Hal Hartley: The Book of Life

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Wow, it's been an age. Hartley clearly tried to mine the Wong Kar-Wai school of impressionistic cinematography with patchy results. The whole thing is a shambles.

Hal Hartley: Amateur

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I enjoyed it this time around. Perhaps it takes more patience than I've had before. The first half is funny, and the second is a little too heavy in comparison.

Terminator Genisys

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With Christian. 6pm, 3D, River East 21, $16.56 + $9.93 in beer, which I sorely needed. Mostly turkey. At least Arnie can still deliver a one-liner. I had expected endless action scenes and explosions, and left wishing there had been more action scenes and explosions. Jason Clarke should have signed up for the next Star Trek reboot instead. And let's not talk about Emilia Clarke.

Manohla Dargis.

Oracle Theatre: The America Play at the Public Access Theatre.

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It ended up being a beautiful day despite the dire warnings of thunderstorms for the afternoon. I got some lunch at the Simply IT Vietnamese on Lincoln. The curried chicken was quite OK. Afterwards I cycled up to the eastern side of Belmont Harbour, which is as pleasant and secluded as anywhere near the city. Between snoozes I ploughed on with Ahmed Rashid's Pakistan on the Brink, which is sadly dated. The first chapter is precisely the story that Seymour Hersh has called into question. Had an early-ish dinner at Asian Mix Cafe, the same-old chicken laksa, which was its usual tasty self.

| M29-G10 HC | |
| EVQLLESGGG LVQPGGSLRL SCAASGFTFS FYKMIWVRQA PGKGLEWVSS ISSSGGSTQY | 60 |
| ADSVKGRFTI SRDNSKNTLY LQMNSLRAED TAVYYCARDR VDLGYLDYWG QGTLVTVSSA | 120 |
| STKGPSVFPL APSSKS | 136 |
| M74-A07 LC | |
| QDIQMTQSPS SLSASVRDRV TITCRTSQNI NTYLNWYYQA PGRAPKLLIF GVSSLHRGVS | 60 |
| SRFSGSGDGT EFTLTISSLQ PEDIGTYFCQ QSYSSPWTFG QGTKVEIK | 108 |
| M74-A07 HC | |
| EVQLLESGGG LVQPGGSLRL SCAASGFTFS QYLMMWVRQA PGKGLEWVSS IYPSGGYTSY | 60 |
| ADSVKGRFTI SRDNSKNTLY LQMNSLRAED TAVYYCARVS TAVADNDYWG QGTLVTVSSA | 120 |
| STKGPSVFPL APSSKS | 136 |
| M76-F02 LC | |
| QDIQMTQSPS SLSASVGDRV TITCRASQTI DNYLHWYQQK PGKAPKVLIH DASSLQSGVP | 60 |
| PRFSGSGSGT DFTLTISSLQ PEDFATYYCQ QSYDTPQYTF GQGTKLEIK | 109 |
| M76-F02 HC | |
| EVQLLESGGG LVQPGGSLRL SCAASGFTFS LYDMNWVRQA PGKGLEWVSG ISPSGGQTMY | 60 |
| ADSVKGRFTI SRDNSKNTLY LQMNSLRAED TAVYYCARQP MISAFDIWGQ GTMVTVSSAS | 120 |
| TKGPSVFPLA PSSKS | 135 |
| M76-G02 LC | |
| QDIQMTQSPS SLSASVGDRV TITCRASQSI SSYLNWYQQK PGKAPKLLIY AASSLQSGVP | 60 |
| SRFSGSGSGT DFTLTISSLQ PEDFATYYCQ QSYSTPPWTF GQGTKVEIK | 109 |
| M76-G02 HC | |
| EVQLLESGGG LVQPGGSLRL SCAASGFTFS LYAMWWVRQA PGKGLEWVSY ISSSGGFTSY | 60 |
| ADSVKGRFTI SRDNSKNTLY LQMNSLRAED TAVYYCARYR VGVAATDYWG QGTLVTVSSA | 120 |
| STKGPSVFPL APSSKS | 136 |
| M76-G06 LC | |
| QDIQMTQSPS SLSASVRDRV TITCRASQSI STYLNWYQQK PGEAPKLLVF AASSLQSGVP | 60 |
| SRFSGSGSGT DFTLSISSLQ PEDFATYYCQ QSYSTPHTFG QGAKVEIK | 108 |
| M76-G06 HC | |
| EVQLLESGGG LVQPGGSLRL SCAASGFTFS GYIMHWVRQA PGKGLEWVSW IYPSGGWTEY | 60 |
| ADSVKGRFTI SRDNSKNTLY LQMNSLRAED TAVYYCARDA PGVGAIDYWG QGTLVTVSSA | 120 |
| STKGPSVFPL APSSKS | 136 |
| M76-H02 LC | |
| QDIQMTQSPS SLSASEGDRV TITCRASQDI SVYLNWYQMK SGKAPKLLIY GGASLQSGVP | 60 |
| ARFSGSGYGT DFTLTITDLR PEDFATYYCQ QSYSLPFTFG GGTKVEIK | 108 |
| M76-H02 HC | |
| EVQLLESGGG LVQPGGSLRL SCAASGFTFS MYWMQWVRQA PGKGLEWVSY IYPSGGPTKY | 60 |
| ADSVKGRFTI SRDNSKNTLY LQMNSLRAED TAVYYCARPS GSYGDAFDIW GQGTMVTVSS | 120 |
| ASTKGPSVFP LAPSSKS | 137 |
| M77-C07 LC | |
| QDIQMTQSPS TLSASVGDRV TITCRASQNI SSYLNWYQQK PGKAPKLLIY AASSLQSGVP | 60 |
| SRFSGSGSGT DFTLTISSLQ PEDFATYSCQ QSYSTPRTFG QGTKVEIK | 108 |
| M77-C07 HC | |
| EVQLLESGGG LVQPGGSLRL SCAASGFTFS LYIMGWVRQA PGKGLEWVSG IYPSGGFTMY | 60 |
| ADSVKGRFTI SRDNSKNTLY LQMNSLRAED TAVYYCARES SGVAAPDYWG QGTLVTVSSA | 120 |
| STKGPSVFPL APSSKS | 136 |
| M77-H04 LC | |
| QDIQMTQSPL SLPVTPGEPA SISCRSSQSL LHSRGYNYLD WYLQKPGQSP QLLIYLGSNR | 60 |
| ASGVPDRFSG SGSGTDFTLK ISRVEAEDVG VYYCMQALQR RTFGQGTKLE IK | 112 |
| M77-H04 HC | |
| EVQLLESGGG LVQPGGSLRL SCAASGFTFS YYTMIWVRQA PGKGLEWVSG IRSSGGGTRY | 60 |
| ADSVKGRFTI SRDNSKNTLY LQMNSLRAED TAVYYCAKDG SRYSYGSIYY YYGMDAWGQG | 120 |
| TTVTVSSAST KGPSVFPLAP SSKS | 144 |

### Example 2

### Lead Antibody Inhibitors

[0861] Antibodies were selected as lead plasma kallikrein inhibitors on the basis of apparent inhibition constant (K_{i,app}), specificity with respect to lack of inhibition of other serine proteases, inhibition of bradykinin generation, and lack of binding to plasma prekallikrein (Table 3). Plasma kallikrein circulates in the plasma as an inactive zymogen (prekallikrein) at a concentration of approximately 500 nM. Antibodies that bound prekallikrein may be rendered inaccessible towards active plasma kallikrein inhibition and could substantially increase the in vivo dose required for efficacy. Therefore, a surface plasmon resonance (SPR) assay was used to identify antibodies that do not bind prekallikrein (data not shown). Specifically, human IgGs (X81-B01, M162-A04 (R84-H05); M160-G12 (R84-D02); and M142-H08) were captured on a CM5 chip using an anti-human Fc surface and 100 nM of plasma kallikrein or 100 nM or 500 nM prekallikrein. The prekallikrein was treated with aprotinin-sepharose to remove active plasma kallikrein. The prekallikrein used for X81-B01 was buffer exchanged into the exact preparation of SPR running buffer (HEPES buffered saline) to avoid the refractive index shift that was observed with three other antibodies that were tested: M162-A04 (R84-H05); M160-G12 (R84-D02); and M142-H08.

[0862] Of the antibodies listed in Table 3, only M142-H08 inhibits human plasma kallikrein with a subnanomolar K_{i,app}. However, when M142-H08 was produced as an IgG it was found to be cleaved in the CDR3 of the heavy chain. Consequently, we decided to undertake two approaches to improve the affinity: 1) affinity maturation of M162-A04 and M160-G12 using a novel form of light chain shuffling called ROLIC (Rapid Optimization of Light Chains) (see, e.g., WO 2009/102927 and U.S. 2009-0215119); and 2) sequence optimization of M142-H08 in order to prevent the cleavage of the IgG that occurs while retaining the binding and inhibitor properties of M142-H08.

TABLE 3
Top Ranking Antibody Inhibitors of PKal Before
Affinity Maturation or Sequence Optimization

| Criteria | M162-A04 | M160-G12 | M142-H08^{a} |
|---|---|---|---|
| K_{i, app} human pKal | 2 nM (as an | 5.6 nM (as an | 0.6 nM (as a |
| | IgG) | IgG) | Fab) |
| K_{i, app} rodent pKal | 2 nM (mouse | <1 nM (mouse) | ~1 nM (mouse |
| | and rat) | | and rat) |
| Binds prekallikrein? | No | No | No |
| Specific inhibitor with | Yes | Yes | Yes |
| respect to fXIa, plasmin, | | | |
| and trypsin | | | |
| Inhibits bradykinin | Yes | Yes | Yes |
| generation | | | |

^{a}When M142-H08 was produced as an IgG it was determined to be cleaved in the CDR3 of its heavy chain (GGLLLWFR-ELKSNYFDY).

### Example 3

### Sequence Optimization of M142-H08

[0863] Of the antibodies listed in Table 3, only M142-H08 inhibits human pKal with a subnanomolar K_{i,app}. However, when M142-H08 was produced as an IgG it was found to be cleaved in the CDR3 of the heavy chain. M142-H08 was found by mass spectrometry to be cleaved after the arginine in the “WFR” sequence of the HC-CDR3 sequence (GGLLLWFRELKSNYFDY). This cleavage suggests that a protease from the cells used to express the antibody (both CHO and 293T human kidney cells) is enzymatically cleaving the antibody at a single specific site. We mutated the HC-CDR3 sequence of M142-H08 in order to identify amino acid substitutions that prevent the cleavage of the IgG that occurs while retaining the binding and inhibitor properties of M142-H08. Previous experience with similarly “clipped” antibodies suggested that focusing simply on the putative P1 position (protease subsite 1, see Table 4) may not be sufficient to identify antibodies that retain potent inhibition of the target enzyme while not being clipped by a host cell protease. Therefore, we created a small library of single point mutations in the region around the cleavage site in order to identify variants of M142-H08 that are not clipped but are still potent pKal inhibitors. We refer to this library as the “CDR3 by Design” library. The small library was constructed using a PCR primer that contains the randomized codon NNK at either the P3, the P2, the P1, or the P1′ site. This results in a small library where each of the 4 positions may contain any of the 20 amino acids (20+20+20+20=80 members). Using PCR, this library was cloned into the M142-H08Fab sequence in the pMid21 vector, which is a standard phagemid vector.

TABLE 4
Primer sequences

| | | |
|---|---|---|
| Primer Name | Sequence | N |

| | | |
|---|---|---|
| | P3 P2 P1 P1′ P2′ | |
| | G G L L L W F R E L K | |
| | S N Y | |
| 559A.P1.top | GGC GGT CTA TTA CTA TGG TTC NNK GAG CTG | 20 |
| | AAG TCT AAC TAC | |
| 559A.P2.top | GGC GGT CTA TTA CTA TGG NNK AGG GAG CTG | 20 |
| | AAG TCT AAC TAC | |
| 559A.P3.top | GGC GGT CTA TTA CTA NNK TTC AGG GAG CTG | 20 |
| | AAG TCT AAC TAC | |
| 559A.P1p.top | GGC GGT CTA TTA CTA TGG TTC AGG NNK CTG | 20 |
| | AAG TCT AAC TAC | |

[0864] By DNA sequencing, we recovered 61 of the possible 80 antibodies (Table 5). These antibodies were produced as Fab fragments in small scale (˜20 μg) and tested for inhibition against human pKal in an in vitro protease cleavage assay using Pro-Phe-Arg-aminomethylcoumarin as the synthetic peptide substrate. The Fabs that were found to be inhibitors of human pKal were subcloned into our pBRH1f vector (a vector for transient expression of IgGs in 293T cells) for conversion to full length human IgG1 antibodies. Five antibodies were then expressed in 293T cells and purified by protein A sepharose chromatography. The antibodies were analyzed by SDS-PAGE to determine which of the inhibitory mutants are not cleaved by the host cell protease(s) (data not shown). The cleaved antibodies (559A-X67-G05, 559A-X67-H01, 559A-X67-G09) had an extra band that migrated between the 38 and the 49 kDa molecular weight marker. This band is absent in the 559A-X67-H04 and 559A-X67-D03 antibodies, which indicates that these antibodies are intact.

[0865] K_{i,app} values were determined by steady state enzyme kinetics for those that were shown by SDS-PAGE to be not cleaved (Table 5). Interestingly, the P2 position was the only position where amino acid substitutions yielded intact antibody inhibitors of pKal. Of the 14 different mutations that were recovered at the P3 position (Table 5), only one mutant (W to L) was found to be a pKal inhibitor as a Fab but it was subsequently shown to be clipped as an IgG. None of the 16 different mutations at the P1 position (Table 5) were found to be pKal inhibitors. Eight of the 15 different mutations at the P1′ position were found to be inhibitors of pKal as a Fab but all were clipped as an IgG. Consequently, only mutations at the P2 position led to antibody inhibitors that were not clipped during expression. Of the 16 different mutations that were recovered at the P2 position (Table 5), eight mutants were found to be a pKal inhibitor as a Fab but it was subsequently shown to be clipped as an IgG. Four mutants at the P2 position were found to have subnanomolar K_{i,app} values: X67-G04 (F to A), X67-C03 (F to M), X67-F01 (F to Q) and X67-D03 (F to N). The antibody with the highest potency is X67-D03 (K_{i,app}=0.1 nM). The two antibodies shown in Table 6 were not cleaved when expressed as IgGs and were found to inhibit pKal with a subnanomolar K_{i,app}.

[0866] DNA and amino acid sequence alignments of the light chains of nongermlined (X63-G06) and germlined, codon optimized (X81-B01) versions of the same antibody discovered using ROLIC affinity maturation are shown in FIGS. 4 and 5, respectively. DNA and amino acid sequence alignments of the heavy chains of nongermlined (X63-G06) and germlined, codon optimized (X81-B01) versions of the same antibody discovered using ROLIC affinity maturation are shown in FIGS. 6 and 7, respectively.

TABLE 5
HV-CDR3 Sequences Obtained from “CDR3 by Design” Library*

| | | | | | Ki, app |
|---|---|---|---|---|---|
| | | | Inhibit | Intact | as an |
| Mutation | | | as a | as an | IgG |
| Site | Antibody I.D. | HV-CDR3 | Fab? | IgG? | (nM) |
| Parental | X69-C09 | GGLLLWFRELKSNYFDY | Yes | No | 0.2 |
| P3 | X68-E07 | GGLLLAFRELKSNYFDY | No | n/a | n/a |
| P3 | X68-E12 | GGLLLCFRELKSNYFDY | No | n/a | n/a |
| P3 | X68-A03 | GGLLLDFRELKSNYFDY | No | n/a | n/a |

The theatre was almost at capacity. The play itself is sometimes difficult to grasp, being somewhat surreal, though the production is top-notch and the humour leavens the opacity. In particular Travis Delgado was great as the "lesser" Lincoln. The grave-digging second half was harder to get into.

Chloe Riley at the reader. Jacob Davis.

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Vale, Omar Sharif.

John Brunner: Total Eclipse.

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Extracted from the Chicago Public Library. Brunner's fat books are great, if not always convergent, but he is deeply suspect in the shorter form. The premise here is mostly 2001-style alien archeology with a dash of Stranger in a Strange Land; not spectacularly original by 1974 but sufficiently intriguing. Nothing however is made of the original telescope conceit, and his gestures at economics lack the conviction he previously brought to ecological issues. The "one of everything" trope makes no sense as they made four large statues, and multiple cities. This is a skeleton that he tired of before putting on the flesh.